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The Ford Motor Company was incorporated under the laws of Michigan on June 16, 1903. The company sold its first car (the original Model A) in July of 1903. During the period 1904-07 Ford produced the Models AC, C, B, F, K, N, R, and S. Then in October of 1908, Ford introduced the Model T, going on to produce 15,000,000 Model T’s by May 26, 1927. At this point, retooling commenced and on October 20, 1927 Ford progressed through the alphabet again, producing the first new Model A engine which came off the assembly line and that day was placed on a brand new Model A Ford chassis. The all-new Model A Ford was announced to the public on November 26, 1927, with its first public showing on December 2, 1927.
The Model A Ford Taxicab was introduced on December 4, 1928 with a price of $800 FOB Detroit. Taxicabs carried their own Type Number, 135-A. Model year 1928 saw only 264 taxicabs being produced for the domestic market. Domestic production peaked in 1929 with 4,376 being produced. The combination of low production numbers and the rough use of taxicabs while they were in service resulted in very few original Ford taxicabs surviving (only four or five Ford taxicabs are known to exist today). A declining economy leading into the depression years of 1930 and 1931 resulted in a poor demand for the factory-crafted taxicab. Ford, seeing the writing on the wall, decided to leave the taxicab market to after-market converters.
An interesting side note: On January 27, 1929 New York City declared that in order to be legal, all taxicabs servicing the city must be able to carry five passengers. Model A Taxicabs from Ford’s assembly line could seat (at best) a maximum of four passengers. This put a damper on the use of Ford-built Model A Taxicabs. The issue was not contested until February 13, 1931 when Luxford Taxicab Company announced that they were going to begin operation in New York with Ford Taxicabs. However, it was too late to save the type. Only 10 U.S. domestic Ford factory-crafted taxicabs were produced in 1930, and production of the 135-A body ceased in March of 1930.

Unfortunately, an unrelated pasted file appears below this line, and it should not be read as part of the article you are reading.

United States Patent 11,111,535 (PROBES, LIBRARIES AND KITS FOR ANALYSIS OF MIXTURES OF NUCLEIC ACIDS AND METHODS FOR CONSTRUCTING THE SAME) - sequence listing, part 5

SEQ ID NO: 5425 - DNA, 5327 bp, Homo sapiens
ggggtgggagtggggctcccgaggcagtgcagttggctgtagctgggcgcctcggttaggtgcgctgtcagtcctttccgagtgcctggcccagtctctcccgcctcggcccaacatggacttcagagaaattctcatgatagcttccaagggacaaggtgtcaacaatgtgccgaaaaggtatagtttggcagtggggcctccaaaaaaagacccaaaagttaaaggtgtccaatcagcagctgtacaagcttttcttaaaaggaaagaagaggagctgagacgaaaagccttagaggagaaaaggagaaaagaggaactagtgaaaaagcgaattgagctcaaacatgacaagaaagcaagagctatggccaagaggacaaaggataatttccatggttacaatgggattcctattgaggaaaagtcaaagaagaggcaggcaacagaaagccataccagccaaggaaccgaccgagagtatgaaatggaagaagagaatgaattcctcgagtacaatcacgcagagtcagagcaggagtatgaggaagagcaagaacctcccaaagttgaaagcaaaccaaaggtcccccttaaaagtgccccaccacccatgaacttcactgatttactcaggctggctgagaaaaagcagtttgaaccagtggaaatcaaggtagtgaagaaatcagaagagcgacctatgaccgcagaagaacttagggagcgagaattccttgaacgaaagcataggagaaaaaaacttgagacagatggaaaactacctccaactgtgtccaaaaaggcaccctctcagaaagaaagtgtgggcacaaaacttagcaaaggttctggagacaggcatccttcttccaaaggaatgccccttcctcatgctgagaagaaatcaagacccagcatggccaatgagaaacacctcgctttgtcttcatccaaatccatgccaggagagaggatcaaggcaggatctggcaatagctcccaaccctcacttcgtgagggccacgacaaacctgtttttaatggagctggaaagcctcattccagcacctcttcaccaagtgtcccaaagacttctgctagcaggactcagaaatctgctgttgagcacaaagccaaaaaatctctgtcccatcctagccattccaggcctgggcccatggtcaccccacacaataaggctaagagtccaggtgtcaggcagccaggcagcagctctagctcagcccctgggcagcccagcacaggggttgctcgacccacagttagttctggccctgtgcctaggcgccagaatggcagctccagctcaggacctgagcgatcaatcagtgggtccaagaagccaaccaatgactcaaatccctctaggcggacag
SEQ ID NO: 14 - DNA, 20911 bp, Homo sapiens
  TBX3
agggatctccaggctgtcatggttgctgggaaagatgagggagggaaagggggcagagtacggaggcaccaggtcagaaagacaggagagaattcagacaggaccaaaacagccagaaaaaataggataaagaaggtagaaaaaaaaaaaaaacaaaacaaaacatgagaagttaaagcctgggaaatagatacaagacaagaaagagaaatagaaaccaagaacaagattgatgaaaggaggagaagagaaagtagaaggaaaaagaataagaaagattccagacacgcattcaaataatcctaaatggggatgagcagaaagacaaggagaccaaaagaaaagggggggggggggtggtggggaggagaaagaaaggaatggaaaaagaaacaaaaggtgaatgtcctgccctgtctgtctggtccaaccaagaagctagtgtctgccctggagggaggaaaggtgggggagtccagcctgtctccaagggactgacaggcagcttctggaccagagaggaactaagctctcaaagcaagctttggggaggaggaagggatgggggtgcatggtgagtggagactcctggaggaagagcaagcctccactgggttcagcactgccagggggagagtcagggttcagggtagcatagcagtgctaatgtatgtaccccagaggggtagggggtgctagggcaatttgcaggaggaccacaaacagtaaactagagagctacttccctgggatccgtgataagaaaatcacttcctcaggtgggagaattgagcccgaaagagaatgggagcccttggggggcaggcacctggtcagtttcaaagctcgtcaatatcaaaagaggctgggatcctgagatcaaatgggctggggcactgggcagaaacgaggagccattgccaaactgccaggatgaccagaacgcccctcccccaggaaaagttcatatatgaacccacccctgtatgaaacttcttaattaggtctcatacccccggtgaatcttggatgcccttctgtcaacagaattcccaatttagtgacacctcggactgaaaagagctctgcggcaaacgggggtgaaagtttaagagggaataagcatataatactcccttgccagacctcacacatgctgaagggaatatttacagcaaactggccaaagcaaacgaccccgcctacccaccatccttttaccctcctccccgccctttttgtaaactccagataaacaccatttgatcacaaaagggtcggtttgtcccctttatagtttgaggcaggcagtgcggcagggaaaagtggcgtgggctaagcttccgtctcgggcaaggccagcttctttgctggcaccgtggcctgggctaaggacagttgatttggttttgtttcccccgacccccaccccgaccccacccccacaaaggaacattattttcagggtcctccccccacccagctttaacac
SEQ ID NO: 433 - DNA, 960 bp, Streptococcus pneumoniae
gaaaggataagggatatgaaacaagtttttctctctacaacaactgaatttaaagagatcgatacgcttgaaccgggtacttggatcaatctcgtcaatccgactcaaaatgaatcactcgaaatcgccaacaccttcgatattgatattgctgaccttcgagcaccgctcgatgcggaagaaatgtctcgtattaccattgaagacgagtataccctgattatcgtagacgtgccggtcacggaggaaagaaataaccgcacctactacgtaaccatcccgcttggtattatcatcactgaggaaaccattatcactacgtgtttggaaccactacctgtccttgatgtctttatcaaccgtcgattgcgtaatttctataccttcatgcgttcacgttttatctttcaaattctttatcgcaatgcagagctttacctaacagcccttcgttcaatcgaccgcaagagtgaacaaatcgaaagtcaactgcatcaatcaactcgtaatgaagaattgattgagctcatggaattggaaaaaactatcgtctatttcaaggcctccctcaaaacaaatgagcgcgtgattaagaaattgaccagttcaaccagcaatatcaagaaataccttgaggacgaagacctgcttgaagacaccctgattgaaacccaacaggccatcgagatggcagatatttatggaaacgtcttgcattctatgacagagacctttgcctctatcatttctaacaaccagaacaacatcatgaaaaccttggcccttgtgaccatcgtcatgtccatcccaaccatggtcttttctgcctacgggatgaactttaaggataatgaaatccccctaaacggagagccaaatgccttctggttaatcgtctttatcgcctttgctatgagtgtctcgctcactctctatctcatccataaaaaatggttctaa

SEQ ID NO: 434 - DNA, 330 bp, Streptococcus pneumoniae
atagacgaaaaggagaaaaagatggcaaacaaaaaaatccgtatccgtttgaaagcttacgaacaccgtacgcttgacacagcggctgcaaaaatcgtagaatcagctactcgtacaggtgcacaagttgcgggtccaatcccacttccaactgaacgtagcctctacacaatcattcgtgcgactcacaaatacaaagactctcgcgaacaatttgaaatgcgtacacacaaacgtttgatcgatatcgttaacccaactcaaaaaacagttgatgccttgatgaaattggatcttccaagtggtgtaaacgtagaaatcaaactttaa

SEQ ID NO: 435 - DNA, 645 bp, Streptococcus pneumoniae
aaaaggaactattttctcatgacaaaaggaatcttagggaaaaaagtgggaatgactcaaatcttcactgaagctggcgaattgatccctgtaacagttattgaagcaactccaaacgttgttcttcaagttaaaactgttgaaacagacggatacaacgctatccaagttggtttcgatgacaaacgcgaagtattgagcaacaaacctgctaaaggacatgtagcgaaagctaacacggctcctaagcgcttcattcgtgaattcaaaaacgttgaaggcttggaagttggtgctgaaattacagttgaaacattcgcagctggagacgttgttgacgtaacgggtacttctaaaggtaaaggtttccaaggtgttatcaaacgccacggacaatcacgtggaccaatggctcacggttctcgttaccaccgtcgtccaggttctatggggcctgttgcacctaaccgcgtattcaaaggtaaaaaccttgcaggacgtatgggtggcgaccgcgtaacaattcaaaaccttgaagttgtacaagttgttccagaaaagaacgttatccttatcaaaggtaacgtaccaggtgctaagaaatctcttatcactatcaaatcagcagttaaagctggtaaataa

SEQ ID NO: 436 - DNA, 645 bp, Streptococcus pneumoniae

This Ford Taxicab would be extremely rare if it were one of those 10 produced by Ford in 1930. Unfortunately, it is not. This taxicab is, however, a prime example of an after-market conversion to a taxicab. Here a taxicab converter company took a 1930 Model A, five-wheel (one welled front fender) Town Sedan, Murray Bodied, Type 155-C chassis and body and converted it into a taxicab. This was a normal occurrence in the early and mid 30’s. Taxicab accessories were readily available from many auto parts manufacturing and specialty houses. Taximeters, a must for a taxicab owner, were made by Ohmer Fare Register Company of Dayton Ohio, the Pittsburg Taximeter Company, and several others. Body makers also entered the market by offering special bodies of higher load capacity, in some cases to be placed on an extended Ford chassis.
There is not much room for the driver of this car. Only a driver with a small stature would be comfortable driving it.
- Second generation Model A’s were produced from 1928 to 1931
- This is Murray-bodied Model A 4-Door sedan; was later restored and converted into a taxicab
- Price new: $580